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Top Ukrainian MP warns Russian could takeover as national language

The Russian language is stronger than Ukrainian and would become the country's main language if it was given official status

The Russian language is stronger than Ukrainian and would become the country's main language if it was given official status, Ukrainian parliament Speaker Volodymyr Lytvyn said on Saturday.

The question of Ukraine giving official status to the Russian language has become a matter for heated debate since Viktor Yanukovych was elected president in February on the back of strong support in the mainly Russian-speaking east of the country.

The new Ukrainian head of state had spoken before the election of his intention to strengthen the status of Russian language in the country, but on Tuesday he declared that Ukrainian should be the only state language.

Lytvyn said on Saturday the debate on Russian being a second state language should be laid to rest.

"I am convinced that we need to put an end to the discussion of this topic," the speaker of the Supreme Rada said.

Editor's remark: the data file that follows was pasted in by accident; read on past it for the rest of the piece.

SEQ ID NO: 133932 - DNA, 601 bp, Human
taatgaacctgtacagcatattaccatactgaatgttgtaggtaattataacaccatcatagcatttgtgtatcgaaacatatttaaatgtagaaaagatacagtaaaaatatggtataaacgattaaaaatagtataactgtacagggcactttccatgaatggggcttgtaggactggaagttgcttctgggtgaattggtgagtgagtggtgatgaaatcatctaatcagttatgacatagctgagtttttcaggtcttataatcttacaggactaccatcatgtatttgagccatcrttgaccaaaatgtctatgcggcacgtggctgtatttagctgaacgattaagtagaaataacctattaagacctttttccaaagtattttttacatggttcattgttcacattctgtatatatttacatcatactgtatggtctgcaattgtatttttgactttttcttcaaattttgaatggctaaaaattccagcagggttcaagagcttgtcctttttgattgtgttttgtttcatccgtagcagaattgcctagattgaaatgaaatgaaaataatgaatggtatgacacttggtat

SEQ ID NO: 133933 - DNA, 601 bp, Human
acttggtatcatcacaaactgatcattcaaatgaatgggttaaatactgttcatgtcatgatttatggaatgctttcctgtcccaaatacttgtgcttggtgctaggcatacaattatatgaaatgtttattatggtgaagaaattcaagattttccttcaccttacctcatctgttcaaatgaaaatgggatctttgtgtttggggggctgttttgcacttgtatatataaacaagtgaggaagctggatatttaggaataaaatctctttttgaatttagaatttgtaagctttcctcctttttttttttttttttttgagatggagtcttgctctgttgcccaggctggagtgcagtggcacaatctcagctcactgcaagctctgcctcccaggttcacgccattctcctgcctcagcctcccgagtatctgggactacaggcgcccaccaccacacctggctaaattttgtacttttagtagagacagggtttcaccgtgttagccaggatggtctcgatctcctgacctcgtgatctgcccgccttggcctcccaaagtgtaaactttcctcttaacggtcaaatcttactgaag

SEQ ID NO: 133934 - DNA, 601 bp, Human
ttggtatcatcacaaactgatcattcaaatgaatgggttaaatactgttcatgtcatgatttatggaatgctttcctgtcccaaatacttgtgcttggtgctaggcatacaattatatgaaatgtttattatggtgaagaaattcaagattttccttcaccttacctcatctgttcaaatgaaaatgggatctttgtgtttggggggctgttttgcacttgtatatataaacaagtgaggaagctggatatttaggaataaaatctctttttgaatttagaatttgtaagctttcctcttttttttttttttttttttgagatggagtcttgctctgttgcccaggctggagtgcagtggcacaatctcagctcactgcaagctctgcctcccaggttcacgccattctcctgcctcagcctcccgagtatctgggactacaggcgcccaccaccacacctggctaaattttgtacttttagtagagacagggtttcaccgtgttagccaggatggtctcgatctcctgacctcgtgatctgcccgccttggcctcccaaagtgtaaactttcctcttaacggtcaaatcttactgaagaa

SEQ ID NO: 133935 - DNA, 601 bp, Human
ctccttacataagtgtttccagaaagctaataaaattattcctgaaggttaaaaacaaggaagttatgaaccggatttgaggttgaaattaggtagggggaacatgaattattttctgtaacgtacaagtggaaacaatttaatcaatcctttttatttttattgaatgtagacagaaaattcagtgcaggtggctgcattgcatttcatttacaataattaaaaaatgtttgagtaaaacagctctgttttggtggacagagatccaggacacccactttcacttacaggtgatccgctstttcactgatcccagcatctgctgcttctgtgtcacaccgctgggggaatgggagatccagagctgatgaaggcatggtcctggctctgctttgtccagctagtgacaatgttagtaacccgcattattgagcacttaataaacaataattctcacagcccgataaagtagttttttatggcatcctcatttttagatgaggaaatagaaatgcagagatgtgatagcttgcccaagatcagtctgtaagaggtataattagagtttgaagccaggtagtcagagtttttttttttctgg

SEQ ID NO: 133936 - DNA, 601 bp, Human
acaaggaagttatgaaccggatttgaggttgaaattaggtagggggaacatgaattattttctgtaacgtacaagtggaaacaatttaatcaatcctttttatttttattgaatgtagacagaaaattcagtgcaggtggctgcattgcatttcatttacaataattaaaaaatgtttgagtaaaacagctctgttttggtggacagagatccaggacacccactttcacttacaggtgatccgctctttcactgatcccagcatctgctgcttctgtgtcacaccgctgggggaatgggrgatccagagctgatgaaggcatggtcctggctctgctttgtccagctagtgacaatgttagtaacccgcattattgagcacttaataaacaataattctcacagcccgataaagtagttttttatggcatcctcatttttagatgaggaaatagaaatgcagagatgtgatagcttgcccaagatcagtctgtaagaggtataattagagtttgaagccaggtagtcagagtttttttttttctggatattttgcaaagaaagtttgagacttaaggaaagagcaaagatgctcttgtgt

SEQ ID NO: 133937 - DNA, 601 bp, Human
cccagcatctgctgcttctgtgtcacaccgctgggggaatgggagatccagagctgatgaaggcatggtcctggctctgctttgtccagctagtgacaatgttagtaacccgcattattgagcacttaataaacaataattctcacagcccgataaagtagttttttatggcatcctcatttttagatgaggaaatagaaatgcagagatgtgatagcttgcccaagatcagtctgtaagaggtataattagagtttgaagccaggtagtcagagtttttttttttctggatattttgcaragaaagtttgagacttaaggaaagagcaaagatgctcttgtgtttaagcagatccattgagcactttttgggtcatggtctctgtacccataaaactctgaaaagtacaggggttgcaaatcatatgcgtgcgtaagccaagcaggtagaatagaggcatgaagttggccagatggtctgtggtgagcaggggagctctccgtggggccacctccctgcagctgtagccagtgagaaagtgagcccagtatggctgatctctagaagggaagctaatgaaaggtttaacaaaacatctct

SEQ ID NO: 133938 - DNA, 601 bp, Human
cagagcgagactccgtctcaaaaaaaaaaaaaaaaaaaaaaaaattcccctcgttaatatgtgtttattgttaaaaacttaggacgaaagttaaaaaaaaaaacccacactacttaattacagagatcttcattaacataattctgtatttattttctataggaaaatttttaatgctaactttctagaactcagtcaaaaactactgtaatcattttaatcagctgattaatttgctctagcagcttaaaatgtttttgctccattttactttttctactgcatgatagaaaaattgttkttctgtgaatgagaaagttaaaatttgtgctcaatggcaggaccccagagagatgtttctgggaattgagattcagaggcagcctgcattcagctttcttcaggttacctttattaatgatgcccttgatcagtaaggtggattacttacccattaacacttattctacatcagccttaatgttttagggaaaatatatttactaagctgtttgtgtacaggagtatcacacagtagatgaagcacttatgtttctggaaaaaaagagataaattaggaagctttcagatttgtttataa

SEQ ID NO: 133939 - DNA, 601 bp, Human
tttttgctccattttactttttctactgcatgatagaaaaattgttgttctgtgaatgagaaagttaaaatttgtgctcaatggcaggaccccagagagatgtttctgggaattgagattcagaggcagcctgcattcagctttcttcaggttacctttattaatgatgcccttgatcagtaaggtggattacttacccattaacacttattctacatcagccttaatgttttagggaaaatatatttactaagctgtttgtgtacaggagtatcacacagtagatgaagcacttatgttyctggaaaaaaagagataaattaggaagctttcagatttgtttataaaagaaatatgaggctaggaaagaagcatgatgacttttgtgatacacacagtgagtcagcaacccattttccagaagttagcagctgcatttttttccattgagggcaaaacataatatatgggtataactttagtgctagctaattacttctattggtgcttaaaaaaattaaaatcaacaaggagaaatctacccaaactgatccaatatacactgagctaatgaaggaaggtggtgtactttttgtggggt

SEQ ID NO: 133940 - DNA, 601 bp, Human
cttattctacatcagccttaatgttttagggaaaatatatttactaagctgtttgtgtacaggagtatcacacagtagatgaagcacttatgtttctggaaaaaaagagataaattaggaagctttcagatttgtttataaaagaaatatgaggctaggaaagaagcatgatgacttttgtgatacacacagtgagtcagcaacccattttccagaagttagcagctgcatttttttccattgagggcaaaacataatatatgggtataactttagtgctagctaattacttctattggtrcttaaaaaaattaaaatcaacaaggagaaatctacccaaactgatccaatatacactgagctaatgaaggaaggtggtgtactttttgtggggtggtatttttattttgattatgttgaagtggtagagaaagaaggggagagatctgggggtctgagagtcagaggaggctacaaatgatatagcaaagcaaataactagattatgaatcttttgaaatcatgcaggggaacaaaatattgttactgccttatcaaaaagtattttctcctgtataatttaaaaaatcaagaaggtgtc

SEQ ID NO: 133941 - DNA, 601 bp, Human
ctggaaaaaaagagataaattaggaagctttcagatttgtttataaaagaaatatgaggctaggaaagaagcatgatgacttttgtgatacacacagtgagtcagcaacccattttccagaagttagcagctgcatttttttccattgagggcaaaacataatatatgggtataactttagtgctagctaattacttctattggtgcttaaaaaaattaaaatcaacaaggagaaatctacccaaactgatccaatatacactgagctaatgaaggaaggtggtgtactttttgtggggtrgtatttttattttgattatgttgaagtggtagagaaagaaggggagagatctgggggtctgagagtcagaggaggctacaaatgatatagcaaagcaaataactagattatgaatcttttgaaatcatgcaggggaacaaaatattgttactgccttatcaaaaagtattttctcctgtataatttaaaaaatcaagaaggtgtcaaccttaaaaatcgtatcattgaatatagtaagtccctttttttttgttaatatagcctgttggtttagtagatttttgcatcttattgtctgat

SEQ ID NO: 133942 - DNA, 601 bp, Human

"We are well aware that in the present situation, if we assume hypothetically that Russian becomes a second state language, we would actually be left with one state language - Russian. The Ukrainian language cannot withstand competition in the scientific sphere, in the field of information, and in communications," the parliamentary press service quoted Lytvyn as saying.

The speaker said the preservation of the Ukrainian language was essential for the preservation of Ukrainian statehood, and called for state regulations to support the development of the language.

"We need a balanced state language policy, we need an appropriate body to be the guardian of this issue," he said.

During the election campaign, Yanukovych declared that the position of the Russian language in Ukraine should be strengthened through the ratification of the European Charter for Regional or Minority Languages.

Ukraine is already a signatory to the charter, which if it entered Ukrainian law would give each region of the country the right to choose the language used in official communication and for teaching in schools.

Yanukovych's election victory showed a clear split between the pro-Russian east of the country and the more nationalist west, where his opponent, Yulia Tymoshenko, won most votes. A similar divide was seen five years earlier, when Viktor Yushchenko was elected president at the expense of Yanukovych.

KIEV, March 13 (RIA Novosti) 


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